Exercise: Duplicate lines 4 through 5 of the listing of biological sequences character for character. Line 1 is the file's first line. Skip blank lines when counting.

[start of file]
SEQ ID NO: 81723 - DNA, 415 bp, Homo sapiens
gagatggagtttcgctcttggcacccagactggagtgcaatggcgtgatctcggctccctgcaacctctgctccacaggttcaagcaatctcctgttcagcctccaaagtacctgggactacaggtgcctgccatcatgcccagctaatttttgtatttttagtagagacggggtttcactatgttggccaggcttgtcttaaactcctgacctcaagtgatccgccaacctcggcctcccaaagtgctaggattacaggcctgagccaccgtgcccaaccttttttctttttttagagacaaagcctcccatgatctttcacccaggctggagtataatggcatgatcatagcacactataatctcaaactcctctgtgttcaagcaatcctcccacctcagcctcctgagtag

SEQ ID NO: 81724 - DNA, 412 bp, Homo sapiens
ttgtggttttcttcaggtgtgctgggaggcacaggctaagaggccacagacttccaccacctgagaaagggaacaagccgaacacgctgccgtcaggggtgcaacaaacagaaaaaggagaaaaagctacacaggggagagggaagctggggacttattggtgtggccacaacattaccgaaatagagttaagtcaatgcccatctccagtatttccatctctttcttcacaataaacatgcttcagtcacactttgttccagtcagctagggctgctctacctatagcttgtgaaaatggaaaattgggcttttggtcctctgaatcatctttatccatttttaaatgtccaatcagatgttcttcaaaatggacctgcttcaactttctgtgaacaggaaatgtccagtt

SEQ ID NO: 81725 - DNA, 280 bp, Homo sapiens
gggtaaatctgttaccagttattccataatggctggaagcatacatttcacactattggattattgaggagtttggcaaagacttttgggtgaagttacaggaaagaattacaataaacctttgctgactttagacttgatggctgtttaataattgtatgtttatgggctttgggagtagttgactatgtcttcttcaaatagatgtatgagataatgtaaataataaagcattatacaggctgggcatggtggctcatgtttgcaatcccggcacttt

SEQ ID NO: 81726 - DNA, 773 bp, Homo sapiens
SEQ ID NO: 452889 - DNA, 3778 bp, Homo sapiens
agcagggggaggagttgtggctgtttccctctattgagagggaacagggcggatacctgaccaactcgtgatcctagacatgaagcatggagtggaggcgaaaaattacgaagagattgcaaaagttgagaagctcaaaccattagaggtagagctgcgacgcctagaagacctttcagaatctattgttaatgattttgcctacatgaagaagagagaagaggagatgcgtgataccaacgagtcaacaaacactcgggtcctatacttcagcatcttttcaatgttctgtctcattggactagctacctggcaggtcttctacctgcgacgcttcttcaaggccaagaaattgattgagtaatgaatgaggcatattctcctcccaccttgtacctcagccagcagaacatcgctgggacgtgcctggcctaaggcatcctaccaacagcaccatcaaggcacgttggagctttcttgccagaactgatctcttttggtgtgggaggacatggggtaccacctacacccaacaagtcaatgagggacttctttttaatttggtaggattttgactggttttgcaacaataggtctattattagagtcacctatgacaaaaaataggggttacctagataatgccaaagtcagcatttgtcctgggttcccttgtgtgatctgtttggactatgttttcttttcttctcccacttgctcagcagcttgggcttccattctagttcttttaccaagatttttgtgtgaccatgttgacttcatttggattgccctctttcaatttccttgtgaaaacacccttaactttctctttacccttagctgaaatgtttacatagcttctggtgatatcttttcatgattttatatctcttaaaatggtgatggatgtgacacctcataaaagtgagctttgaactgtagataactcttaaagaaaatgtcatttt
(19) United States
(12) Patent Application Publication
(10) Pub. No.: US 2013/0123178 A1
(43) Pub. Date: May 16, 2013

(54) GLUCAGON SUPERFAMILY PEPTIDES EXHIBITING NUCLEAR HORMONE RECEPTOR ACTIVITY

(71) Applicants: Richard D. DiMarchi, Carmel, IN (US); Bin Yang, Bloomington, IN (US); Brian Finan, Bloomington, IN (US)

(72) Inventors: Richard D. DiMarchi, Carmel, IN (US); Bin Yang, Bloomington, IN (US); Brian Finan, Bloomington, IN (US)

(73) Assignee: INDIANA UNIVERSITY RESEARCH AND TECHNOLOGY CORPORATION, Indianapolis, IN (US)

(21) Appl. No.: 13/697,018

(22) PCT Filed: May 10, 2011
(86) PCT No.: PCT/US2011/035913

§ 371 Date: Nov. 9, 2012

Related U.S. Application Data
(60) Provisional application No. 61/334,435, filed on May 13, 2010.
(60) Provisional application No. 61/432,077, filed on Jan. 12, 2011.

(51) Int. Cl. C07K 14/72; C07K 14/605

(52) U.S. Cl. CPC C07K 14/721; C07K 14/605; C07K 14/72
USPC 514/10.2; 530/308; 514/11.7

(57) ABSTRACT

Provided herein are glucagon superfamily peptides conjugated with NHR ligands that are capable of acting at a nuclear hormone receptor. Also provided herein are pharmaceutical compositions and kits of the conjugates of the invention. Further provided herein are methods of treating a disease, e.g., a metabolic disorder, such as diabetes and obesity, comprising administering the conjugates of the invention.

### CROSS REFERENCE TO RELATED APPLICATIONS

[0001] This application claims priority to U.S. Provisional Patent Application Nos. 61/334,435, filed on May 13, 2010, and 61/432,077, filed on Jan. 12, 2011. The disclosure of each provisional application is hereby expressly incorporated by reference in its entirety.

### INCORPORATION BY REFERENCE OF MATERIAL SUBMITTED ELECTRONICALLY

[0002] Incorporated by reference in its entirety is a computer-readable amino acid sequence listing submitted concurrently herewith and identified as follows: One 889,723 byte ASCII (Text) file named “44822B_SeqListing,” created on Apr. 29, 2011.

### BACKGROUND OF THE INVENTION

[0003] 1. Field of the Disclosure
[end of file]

ttgtggttttcttcaggtgtgctgggaggcacaggctaagaggccacagacttccaccacctgagaaagggaacaagccgaacacgctgccgtcaggggtgcaacaaacagaaaaaggagaaaaagctacacaggggagagggaagctggggacttattggtgtggccacaacattaccgaaatagagttaagtcaatgcccatctccagtatttccatctctttcttcacaataaacatgcttcagtcacactttgttccagtcagctagggctgctctacctatagcttgtgaaaatggaaaattgggcttttggtcctctgaatcatctttatccatttttaaatgtccaatcagatgttcttcaaaatggacctgcttcaactttctgtgaacaggaaatgtccagtt

SEQ ID NO: 81725 - DNA, 280 bp, Homo sapiens